Blender-Handbuch: VSE Effekte
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Der Speed Control-Effekt dehnt oder staucht den Videostrip, so dass er schneller oder langsamer läuft als normalerweise. Eine Geschwindigkeit kleiner als 1.0 lässt den Strip langsamer ablaufen, eine Geschwindigkeit größer als 1.0 entsprechend schneller. Läuft der Strip schneller, werden einige Frames verworfen.
Sie können Speed Control verwenden, um einen Videostrip beispielsweise mit einem Audiostrip zu synchronisieren.
Using Speed for a Slow-Motion Effect 50% Slow motion using Speed Control
Suppose you want to sssslooow your strip dowwwwwwn. You need to affect the speed of the video clip without affecting the overall frame rate. Select the clip and Add->Effect->Speed Control effect strip. Click to drop it and press N to get the Properties. Set the Global Speed to be the factor by which you want to adjust the speed. To cut the displayed speed by 50%, enter 0.50. Now, a 30-frame clip will play at half speed, and thus display only the first 15 frames.
If you want the remaining frames to show in slo-mo after the first set is displayed, Kcut the strip in two, offset the second part (because the first slow-mo will actually run for more time/frames than shown), and add another Speed control as shown to the right. When the strip on Channel 1, as modified by the sfx strip on Channel 3 finishes, the strip selected on channel 2 starts, as modified by its sfx speed control in channel 3. The trick in creating the second strip is to
* Select the original strip and ⇧ ShiftDuplicate it. In this case, it is a 20-frame image set. * Drag the clone to half-way above the original and drop it. * Select the left handle (start), grab it, and move it over half-way. This changes the start frame offset; the strip will now start playing at frame 11 (relative to within itself) * Select the right handle (end), grab it and move it over half-again as much (in this case, 10 frames) This sets the duration to be 20 frames within your video. * Add a 50% Speed Control for the first strip, and a 100% speed control for the second. For the second strip, you are already telling blender to play 10 frames over a 20-frame duration, which is already half speed, so you don't need the speed control to slow it down anymore, just to scale the frames selected to the duration of the clip.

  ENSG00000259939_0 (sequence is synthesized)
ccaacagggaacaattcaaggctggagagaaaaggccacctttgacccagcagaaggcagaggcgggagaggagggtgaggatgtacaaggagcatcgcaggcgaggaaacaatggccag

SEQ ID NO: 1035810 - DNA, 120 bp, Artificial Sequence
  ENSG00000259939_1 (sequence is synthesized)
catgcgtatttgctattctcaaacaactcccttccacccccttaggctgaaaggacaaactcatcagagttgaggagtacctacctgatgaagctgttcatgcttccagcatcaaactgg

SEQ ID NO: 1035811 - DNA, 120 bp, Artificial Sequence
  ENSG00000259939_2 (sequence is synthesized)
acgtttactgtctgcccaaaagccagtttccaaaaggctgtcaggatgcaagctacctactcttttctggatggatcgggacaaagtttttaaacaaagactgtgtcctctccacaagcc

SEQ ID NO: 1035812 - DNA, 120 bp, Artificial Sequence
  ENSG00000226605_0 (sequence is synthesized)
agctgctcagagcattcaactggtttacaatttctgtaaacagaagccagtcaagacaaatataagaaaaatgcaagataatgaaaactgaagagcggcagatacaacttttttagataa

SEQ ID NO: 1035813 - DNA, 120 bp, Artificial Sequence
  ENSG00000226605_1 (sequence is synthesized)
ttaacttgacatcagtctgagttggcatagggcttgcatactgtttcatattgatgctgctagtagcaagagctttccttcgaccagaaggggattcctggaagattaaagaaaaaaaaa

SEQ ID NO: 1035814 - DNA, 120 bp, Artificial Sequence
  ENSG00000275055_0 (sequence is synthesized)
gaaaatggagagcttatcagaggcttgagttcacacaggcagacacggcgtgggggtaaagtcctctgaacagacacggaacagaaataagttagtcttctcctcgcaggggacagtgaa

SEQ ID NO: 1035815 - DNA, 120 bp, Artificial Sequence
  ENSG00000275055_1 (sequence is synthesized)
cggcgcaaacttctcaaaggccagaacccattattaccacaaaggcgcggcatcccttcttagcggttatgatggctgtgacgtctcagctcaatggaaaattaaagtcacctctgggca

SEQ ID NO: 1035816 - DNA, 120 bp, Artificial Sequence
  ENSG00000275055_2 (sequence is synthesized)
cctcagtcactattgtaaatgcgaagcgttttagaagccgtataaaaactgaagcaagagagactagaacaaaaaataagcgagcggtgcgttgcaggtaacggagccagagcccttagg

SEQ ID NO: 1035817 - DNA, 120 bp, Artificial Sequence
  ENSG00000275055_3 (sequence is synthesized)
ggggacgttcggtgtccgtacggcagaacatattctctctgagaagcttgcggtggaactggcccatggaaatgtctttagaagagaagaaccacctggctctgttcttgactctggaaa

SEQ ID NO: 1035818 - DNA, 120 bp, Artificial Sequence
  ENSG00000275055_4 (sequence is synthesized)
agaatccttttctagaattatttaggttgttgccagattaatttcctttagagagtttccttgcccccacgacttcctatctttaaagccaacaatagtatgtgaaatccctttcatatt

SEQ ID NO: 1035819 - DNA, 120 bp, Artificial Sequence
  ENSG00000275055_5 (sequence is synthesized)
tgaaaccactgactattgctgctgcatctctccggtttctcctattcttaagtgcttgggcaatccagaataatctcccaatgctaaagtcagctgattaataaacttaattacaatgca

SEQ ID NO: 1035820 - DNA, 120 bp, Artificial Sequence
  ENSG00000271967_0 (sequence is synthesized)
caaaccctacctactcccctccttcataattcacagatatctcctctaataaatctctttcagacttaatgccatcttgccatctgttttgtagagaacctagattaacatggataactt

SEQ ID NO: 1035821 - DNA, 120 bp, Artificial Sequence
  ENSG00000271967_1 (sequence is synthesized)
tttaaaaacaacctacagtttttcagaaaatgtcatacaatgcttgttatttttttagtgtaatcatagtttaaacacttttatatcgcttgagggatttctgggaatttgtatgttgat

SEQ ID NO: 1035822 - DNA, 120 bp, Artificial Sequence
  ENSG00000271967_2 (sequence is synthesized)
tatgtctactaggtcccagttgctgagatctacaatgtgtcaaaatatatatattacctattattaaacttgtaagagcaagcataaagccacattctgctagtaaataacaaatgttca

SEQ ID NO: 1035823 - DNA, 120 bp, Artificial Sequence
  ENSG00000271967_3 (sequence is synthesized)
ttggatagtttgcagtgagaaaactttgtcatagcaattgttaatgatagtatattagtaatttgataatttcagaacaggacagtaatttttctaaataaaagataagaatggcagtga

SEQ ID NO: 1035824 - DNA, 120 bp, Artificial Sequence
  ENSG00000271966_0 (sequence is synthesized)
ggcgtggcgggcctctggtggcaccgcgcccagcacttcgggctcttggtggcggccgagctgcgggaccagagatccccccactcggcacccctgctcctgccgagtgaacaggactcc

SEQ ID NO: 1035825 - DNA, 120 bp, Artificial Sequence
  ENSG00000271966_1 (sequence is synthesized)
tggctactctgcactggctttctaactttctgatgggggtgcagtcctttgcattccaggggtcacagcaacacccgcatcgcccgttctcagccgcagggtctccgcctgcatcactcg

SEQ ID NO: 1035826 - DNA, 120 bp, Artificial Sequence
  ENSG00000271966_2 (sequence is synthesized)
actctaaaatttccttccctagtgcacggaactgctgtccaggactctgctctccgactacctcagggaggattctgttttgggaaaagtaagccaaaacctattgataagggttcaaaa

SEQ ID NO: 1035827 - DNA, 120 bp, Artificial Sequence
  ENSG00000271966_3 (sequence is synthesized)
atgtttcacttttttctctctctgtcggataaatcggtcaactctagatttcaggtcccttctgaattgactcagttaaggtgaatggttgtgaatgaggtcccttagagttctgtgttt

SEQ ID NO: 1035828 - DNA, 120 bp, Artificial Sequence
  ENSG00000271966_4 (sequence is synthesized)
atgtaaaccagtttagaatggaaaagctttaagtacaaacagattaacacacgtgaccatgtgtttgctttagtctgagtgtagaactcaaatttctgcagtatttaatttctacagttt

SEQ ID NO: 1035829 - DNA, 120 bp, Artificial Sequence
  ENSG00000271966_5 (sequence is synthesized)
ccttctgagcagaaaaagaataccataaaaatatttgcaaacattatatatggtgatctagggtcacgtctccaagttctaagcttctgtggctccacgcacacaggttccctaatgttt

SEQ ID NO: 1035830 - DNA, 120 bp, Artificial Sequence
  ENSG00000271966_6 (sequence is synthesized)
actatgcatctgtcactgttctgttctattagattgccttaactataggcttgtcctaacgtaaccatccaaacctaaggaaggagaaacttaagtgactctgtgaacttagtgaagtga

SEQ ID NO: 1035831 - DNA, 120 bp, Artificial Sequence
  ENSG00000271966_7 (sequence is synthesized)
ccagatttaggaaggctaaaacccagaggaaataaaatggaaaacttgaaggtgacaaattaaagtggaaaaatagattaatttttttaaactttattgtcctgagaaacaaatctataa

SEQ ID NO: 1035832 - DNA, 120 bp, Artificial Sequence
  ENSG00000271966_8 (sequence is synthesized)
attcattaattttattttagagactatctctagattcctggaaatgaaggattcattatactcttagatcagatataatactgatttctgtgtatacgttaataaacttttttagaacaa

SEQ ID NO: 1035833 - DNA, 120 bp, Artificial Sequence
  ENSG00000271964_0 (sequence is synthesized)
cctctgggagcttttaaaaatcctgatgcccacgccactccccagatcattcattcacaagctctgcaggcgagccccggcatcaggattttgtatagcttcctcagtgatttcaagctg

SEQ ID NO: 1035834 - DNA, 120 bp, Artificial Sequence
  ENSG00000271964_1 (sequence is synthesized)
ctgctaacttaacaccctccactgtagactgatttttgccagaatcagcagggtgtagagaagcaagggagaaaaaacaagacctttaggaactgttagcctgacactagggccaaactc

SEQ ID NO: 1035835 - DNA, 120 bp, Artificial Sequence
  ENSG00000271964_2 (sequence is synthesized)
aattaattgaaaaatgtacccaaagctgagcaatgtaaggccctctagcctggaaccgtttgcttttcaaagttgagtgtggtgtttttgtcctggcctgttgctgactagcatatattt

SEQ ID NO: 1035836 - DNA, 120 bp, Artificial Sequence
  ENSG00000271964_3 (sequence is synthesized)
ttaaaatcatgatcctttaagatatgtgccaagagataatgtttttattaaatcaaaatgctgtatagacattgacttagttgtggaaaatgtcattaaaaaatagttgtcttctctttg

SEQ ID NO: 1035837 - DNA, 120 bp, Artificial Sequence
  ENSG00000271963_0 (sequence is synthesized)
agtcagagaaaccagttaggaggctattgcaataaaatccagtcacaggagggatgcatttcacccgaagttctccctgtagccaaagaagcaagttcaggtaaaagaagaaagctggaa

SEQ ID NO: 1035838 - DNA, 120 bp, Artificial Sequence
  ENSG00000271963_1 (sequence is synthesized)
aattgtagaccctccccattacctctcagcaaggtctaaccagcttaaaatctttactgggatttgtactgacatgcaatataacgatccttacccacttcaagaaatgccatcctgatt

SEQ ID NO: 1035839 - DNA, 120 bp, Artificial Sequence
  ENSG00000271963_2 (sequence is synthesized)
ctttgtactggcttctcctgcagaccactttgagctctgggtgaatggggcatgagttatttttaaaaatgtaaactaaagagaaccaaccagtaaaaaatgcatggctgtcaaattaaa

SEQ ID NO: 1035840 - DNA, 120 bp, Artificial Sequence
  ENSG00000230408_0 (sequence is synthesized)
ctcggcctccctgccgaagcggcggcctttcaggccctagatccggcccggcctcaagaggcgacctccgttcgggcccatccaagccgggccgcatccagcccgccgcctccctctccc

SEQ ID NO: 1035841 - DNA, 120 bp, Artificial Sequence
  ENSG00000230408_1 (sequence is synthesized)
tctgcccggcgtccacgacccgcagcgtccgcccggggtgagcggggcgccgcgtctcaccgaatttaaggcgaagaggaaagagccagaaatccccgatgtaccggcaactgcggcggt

That's it! Set your render to animate (in this example) all 40 frames.
Why not just extend the original clip out, you ask? Well, the Speed Control operates based on the number of frames it is going to show, divided by the number of frames it has to show them over. For example, if a strip has 20 frames in it, and you specify a speed factor of 50%, it knows it has to display 10 frames. If that strip is, say, stretched to cover 30 frames of video, it will play each of the 10 frames for 3 frames (3 x 10=30). Understanding the math will help you be effective and get the control to do what you want it to.
In very simple cases it will also work to just extend the original clip. This is a very nice feature intended for story boarding and for filling gaps. Add a speed control, ignore the IPOs and all the other parameters and just extend the right handle of the original clip. Remember that this is only possible, if the underlying clip ends at the right handle position. (If this isn't the case because you used the knife tool to create it, add a meta for the original clip first.).
Using speed control for frame matching[Bearbeiten]
To get even finer control over your clip timing, you can use IPOs! This can be done in several ways.
* In the default configuration, your IPO curve simply map input to output frame scaled down to the range of [0-100] [0-1] in IPO curve coordinates. This is enough, if you want to add simple flickering effects.
The speed effect can do even more for you. You can do actual frame matching! That means: you have a certain position at which a certain frame should get displayed (maybe when matching your video track to an audio track) and blender will adjust the speed of the clip smoothly to make this happen.
* You can disable scaling in X direction by clicking on "IPO-frame locking". That means: input frame numbers are identical to IPO curve X-coordinates. * You can disable scaling in Y direction by disabling "Scaling [0-1]". That means: output frame numbers are identical to the IPO curve Y-coordinates.
After that, use the N-keys window fo the IPO-window to place your control points in a frame exact way.  Changing video frame rates
You can use the speed control to change the frames per second (fps), or framerate, of a video. If you are rendering your video to a sequence set, you can effectively increase or decrease the number of individual image files created, by using a Global Speed value less than or greater than one, respectively. For example, if you captured a five-minute video at 30 fps and wanted to transfer that to film, which runs at 24 fps, you would enter a Global Speed of 30/24, or 1.25 (and Enable Frame Blending to give that film blur feel). Instead of producing 5*60*30=9000 frames, Blender would produce 9000/1.25=7200=5*60*24 frames. In this case, you set a Sta:1 and End:7200, set your Format output to Jpeg, 30fps, and image files 0001.jpg through 7200.jpg would be rendered out, but those images 'cover' the entire 9000 frames. The image file 7200.jpg is the same a frame 9000. When you read those images back into your film .blend at 24 fps, the strip will last exactly 5 minutes.